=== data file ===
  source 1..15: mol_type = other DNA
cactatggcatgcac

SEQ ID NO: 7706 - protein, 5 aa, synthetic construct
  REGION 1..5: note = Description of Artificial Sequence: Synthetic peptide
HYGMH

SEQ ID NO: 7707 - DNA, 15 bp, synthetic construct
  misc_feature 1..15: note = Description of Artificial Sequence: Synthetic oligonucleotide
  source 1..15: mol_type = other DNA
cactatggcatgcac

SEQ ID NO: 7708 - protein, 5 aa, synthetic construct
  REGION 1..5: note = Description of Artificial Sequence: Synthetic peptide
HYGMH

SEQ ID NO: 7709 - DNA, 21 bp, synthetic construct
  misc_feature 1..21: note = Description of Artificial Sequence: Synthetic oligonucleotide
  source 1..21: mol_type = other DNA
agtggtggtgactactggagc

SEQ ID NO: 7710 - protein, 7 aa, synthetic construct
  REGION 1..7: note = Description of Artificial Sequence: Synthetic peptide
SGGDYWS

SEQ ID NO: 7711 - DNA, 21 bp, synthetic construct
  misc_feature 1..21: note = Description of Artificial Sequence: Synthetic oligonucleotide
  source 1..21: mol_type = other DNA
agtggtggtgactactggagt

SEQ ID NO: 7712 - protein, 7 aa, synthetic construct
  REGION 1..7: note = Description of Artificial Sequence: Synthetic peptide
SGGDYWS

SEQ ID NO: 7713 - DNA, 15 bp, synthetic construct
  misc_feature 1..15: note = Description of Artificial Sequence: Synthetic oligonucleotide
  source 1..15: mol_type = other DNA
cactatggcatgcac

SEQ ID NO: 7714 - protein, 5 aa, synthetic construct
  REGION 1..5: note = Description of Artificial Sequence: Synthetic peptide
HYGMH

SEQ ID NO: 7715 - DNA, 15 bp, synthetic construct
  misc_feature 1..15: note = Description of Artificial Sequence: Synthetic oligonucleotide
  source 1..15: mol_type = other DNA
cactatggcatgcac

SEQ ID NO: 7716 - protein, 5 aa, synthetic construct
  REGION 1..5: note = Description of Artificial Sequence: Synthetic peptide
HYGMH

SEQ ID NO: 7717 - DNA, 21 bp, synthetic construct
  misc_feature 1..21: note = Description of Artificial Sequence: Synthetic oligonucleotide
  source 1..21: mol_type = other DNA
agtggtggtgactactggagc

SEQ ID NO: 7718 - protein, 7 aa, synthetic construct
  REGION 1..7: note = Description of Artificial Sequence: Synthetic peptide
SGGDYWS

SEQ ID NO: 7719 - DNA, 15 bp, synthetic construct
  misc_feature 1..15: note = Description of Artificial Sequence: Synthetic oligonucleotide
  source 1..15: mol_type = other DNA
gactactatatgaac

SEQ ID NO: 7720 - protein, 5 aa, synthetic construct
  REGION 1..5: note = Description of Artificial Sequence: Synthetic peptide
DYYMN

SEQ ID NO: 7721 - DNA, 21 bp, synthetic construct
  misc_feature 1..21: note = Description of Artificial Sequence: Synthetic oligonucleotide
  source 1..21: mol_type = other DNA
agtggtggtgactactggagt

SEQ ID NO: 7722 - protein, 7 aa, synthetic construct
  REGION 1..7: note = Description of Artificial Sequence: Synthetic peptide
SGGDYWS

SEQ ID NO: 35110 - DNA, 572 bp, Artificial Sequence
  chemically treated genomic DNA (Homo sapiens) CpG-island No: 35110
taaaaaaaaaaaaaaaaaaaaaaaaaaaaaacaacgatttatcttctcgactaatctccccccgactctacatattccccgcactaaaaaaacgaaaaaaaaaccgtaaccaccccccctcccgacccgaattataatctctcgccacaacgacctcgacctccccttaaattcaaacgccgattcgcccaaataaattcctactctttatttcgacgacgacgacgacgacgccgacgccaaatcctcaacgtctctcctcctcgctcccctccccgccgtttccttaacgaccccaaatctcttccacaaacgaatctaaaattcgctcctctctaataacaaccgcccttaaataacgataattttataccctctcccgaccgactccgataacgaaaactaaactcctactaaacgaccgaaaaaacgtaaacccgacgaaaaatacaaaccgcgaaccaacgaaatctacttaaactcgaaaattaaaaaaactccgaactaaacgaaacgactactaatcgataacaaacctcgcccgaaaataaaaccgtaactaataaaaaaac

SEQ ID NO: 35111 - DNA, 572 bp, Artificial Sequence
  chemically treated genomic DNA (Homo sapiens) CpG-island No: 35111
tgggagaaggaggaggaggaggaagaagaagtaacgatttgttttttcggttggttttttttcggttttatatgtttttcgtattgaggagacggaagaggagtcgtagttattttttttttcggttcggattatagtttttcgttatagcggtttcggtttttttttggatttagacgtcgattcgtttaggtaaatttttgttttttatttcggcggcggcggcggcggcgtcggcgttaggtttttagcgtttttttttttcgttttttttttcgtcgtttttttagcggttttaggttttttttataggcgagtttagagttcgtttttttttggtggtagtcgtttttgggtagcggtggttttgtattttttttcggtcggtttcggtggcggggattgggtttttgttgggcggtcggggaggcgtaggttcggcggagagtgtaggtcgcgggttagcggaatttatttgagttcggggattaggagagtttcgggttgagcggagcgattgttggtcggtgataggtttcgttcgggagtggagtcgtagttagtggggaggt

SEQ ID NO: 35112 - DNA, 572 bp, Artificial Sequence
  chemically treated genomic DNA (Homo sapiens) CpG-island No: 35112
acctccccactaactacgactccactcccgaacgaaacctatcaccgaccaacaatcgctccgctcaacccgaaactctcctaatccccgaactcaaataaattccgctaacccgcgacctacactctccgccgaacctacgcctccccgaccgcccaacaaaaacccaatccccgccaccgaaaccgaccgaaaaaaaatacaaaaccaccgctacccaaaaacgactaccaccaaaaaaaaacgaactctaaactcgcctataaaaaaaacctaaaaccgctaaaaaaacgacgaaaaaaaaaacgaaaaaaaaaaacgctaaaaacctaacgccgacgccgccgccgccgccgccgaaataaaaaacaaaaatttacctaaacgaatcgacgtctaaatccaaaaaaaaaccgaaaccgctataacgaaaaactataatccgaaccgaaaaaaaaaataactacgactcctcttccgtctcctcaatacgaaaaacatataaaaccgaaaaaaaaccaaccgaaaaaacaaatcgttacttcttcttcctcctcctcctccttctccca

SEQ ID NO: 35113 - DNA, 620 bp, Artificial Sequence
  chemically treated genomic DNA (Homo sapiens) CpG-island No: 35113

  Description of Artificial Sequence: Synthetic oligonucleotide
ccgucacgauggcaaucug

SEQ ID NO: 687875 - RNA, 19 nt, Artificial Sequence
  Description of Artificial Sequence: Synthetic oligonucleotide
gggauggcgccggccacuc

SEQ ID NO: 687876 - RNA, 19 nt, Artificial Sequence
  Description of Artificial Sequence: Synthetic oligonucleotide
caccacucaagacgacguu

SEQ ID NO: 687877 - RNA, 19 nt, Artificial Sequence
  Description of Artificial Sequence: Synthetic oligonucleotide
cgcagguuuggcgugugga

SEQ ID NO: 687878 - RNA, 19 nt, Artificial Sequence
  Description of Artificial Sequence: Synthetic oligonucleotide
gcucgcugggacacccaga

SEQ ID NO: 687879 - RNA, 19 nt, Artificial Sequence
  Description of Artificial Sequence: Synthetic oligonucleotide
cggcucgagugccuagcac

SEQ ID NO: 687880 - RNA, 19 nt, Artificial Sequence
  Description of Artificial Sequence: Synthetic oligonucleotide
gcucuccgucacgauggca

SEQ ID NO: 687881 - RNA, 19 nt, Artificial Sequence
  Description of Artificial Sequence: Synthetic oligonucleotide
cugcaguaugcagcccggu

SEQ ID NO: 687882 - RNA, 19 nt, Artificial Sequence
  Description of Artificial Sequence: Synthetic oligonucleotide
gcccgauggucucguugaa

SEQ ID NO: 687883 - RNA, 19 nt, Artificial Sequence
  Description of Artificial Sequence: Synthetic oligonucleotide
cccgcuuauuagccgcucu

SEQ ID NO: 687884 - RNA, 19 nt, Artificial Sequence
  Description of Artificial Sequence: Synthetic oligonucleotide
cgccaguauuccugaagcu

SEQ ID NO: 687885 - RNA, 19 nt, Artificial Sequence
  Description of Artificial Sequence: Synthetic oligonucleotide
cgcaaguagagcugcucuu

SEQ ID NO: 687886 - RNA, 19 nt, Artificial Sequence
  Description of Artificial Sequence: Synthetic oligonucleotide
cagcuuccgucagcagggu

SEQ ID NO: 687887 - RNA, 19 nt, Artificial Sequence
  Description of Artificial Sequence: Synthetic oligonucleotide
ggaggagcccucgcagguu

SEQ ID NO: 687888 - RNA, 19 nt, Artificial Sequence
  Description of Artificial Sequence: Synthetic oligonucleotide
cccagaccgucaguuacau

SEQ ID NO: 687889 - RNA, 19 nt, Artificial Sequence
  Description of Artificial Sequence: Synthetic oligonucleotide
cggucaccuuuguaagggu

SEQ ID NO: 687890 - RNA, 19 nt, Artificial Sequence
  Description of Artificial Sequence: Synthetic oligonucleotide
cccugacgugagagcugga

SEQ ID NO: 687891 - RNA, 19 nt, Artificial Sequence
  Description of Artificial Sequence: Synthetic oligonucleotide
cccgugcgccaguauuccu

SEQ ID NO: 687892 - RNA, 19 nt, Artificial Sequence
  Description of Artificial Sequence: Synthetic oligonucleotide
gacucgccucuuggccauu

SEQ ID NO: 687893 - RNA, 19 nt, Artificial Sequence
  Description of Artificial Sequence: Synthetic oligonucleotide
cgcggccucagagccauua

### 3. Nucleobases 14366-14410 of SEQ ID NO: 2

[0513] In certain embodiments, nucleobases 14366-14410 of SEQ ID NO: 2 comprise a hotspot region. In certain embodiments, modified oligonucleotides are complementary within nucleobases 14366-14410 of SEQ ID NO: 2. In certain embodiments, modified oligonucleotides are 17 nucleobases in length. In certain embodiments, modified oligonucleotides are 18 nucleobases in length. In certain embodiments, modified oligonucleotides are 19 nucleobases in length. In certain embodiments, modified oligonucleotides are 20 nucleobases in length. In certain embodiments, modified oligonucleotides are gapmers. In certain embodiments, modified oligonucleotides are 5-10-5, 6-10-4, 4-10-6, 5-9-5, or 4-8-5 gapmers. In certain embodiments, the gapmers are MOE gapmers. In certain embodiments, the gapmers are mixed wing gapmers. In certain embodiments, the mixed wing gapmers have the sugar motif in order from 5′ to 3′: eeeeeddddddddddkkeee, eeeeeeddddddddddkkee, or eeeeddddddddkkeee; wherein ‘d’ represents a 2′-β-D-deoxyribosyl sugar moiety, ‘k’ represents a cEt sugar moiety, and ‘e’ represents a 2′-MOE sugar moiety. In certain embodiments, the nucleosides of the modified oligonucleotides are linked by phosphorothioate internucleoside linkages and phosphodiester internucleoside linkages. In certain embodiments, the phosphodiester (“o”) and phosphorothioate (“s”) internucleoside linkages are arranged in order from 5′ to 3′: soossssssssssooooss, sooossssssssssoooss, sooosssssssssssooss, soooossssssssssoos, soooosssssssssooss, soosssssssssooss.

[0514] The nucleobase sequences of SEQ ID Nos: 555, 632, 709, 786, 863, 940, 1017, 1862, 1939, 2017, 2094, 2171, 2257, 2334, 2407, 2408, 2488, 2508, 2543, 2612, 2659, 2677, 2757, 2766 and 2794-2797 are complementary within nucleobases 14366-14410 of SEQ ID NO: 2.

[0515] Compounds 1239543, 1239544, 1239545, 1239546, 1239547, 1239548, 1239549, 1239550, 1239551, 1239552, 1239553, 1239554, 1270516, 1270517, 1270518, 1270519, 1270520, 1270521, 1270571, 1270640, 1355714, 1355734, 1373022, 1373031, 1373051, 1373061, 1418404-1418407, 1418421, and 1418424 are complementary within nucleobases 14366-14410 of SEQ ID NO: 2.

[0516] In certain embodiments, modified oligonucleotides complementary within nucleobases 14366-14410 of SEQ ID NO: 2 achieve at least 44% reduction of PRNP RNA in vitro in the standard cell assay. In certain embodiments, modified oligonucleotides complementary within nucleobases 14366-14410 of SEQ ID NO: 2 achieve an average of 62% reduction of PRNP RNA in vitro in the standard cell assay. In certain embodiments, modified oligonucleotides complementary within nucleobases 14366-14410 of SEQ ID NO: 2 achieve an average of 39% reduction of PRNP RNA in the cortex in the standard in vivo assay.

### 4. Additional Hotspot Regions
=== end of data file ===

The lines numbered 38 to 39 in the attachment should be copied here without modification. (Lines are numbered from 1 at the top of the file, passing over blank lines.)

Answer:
SEQ ID NO: 7716 - protein, 5 aa, synthetic construct
  REGION 1..5: note = Description of Artificial Sequence: Synthetic peptide